The endless hours of practices, the early mornings and late nights, the study groups and trying to keep up with your academics on top of prioritizing your physical shape and talent. It's what we lived for.

Two minutes left in the rivalry game at home court. Your team is up by two and it's crunch time. Coach puts you and the four kids you've grown insanely close with over the last 10 years into the game. You're told to run a man to man defense and not let number three get the ball, because if they do they're going to run the play you've studied at practice for the last week and try to score from the paint; tying the game. The ball gets passed to number three and you're guarding them harder than you've ever played defense before, a screen gets set so you have to switch with your trusty best friend, who you know has the best defense on the team. Your heart is pounding as number three goes up to take the buzzer-beating shot... but they get an offensive foul called on them, and that's the game. The crowd goes wild as the buzzer goes off and you and your teammates rush the center of the gym yelling, screaming, and rejoicing. The feeling you have in your heart is fuller than you've ever felt it before.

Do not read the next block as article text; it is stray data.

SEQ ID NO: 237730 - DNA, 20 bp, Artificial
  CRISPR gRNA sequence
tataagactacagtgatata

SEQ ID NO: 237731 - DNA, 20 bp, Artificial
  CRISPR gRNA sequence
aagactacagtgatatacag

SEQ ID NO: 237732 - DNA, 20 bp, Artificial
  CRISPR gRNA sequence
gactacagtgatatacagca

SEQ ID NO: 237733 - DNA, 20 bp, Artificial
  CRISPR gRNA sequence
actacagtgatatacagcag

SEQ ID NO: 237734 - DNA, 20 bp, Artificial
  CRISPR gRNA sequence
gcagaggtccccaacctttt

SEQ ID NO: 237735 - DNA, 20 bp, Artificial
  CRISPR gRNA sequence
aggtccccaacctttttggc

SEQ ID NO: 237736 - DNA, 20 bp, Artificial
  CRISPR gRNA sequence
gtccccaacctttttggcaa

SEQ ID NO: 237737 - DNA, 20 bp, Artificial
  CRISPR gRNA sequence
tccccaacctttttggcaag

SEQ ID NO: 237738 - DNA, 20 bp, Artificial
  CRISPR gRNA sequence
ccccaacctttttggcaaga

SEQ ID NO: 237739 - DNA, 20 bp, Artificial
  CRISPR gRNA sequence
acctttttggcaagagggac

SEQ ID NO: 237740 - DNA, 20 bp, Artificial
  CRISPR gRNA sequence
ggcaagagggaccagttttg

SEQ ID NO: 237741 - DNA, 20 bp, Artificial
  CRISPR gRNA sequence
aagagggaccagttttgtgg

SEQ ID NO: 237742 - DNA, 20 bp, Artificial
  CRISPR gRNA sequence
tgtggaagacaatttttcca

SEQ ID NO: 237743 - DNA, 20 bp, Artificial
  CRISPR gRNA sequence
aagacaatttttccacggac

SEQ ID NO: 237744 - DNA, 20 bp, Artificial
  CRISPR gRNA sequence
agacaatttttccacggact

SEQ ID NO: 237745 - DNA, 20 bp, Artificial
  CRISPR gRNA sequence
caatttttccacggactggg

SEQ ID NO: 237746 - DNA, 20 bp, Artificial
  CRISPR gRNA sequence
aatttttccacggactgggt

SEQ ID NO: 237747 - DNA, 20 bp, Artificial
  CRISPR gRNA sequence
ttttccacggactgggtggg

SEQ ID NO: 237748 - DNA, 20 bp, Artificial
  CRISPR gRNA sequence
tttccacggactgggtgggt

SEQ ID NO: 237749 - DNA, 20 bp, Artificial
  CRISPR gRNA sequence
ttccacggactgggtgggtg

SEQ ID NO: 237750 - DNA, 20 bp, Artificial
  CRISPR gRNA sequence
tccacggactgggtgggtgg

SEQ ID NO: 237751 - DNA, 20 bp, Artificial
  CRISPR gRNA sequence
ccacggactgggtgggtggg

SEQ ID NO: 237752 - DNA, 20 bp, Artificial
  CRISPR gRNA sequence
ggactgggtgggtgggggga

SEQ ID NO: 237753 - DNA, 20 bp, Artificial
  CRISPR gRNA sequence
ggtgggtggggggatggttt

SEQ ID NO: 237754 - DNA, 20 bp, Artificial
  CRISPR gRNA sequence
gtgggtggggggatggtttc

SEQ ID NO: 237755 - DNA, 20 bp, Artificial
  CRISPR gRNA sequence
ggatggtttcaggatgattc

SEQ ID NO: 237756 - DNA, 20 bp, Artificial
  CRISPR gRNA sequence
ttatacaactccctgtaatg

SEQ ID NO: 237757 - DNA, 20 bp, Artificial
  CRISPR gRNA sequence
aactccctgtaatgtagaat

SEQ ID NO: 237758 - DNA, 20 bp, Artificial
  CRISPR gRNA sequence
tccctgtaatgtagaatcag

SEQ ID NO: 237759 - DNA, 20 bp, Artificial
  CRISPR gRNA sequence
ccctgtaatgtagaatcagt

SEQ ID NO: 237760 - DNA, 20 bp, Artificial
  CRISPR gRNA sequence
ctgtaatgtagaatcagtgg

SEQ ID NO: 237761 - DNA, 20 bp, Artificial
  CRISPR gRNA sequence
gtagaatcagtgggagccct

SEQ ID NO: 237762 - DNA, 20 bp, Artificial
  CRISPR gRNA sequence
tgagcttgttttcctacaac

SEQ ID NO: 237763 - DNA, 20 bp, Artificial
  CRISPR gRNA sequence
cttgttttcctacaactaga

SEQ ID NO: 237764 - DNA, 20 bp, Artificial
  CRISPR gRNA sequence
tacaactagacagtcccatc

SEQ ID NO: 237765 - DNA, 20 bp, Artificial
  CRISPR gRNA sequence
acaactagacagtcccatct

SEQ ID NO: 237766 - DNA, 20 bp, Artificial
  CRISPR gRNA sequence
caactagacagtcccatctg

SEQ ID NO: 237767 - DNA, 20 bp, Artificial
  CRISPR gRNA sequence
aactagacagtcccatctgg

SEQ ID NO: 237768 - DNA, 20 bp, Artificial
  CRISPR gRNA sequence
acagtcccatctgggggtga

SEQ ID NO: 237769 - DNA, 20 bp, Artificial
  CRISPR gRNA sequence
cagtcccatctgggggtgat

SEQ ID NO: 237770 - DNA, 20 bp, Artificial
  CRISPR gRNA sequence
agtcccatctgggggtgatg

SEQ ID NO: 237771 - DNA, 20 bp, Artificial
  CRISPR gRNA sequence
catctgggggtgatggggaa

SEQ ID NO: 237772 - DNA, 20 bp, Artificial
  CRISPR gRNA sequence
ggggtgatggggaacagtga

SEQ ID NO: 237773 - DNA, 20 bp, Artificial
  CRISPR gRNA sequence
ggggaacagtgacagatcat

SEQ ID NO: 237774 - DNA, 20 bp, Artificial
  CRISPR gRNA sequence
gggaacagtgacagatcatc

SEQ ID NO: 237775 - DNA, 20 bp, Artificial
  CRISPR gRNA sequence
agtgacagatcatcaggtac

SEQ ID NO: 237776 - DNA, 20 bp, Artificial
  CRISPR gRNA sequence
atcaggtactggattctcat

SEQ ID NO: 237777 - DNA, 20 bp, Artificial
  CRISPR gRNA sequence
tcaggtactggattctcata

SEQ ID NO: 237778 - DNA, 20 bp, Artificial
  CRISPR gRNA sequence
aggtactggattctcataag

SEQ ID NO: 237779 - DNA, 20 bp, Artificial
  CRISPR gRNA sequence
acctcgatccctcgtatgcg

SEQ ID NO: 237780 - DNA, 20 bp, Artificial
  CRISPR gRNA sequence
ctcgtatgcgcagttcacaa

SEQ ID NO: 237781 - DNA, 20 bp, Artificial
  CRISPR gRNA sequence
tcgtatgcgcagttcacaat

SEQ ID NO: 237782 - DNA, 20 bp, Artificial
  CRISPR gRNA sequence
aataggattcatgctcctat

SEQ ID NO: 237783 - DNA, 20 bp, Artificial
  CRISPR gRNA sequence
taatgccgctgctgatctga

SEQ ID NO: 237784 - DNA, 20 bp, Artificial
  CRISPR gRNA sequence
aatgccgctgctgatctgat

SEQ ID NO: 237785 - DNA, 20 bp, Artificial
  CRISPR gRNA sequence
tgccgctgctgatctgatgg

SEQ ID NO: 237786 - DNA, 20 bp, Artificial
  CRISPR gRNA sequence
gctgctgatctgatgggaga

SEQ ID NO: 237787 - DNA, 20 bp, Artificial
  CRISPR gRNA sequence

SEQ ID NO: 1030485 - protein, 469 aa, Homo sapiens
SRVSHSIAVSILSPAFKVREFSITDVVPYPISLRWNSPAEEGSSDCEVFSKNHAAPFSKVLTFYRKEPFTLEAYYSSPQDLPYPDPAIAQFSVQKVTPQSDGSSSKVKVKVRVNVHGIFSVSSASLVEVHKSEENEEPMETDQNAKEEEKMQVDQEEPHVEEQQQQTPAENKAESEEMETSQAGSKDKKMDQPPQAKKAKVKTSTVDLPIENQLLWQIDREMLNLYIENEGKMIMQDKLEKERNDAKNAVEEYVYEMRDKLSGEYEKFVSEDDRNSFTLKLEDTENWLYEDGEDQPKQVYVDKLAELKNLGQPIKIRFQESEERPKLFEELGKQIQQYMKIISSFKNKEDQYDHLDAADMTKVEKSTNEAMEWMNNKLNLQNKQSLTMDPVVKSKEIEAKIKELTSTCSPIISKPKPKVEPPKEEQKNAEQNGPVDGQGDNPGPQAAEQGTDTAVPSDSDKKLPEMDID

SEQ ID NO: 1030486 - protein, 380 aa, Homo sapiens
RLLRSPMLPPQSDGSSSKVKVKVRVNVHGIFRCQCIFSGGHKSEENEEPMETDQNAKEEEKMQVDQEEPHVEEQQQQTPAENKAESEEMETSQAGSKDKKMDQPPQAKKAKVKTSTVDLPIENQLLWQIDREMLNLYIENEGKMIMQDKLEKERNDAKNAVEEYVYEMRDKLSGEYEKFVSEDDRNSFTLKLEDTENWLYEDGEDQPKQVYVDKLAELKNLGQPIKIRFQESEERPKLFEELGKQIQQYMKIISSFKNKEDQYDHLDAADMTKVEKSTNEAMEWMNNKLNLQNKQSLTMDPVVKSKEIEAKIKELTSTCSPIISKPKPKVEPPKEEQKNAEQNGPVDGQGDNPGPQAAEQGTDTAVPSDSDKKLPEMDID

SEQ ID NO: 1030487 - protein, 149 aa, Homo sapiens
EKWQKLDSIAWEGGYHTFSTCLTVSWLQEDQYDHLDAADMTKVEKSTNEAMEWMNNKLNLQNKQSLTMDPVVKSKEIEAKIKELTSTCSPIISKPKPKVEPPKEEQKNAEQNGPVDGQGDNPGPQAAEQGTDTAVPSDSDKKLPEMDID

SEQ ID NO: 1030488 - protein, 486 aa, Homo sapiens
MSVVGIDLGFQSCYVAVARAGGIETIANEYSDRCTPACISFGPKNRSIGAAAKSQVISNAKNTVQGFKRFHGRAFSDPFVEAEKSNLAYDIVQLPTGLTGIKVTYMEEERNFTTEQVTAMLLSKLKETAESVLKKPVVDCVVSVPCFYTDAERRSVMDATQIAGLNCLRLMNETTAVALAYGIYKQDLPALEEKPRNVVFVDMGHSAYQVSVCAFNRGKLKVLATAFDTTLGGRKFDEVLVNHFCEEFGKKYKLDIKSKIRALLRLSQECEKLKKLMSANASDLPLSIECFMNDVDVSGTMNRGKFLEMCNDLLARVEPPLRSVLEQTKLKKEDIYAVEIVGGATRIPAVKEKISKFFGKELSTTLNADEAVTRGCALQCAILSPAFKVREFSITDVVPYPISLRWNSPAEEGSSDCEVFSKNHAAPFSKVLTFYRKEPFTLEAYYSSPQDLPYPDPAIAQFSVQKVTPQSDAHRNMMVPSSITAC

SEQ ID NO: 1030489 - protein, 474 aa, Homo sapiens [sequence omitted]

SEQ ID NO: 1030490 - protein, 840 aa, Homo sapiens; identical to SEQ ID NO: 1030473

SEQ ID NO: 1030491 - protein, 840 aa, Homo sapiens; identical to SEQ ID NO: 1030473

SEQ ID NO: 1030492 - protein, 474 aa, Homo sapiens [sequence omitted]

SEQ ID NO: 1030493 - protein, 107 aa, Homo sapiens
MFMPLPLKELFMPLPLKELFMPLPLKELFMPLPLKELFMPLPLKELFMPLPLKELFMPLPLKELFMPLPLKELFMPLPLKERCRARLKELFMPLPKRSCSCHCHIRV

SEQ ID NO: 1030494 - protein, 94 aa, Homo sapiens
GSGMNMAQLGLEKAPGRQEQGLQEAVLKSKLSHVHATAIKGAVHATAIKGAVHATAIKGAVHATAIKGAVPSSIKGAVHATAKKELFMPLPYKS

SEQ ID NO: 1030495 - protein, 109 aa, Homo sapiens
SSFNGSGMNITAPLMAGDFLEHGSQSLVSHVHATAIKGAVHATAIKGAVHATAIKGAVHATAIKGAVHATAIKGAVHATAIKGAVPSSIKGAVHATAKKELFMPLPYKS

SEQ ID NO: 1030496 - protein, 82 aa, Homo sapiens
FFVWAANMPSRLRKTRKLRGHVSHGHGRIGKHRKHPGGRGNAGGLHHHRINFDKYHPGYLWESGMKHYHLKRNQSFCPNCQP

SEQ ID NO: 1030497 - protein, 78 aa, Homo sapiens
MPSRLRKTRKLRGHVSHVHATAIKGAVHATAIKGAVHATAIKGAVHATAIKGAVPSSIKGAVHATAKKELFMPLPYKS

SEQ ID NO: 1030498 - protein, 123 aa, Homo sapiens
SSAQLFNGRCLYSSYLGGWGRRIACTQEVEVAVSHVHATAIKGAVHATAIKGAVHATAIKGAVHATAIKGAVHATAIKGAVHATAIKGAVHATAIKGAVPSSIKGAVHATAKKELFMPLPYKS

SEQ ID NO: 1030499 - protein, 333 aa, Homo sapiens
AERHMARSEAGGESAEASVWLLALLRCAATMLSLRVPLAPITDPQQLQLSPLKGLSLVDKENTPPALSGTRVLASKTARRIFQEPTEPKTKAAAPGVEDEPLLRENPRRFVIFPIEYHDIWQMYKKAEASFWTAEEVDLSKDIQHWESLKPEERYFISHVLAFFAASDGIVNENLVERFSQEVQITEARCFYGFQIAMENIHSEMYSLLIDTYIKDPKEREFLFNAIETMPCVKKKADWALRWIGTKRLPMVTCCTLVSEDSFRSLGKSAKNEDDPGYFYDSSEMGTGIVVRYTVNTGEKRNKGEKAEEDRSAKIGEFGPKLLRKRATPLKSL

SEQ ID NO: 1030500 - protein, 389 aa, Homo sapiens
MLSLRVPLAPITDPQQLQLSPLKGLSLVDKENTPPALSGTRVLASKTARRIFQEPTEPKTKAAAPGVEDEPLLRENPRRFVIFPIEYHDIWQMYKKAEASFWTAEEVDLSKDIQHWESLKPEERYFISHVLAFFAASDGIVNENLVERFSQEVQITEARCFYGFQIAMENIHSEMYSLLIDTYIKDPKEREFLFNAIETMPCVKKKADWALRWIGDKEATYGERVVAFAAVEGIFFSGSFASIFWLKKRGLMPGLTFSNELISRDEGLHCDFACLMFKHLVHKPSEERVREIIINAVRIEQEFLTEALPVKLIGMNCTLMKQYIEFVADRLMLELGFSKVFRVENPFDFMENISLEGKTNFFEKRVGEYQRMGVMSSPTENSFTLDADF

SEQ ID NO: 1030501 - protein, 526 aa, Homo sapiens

It's what we lived for.

It's the bottom of the 7th inning, and you're down by two runs. You've got a man on first and a man on third, with two outs. You're on deck waiting to go up to bat as your power hitter is fighting tooth and nail to get the ball on the ground. They've got two strikes and three balls. Your heart is beating out of your chest, and part of you is hoping they hit it over the fence so the pressure isn't so tough on you. The coach signals to lay a bunt down and all you can think is "why would he do that? Kiana never bunts." But you have no other choice but to trust in your coaches decisions, so when Kiana shockingly lays the bunt down you're in awe as the catcher can't get her face mask off quick enough to throw it to first base.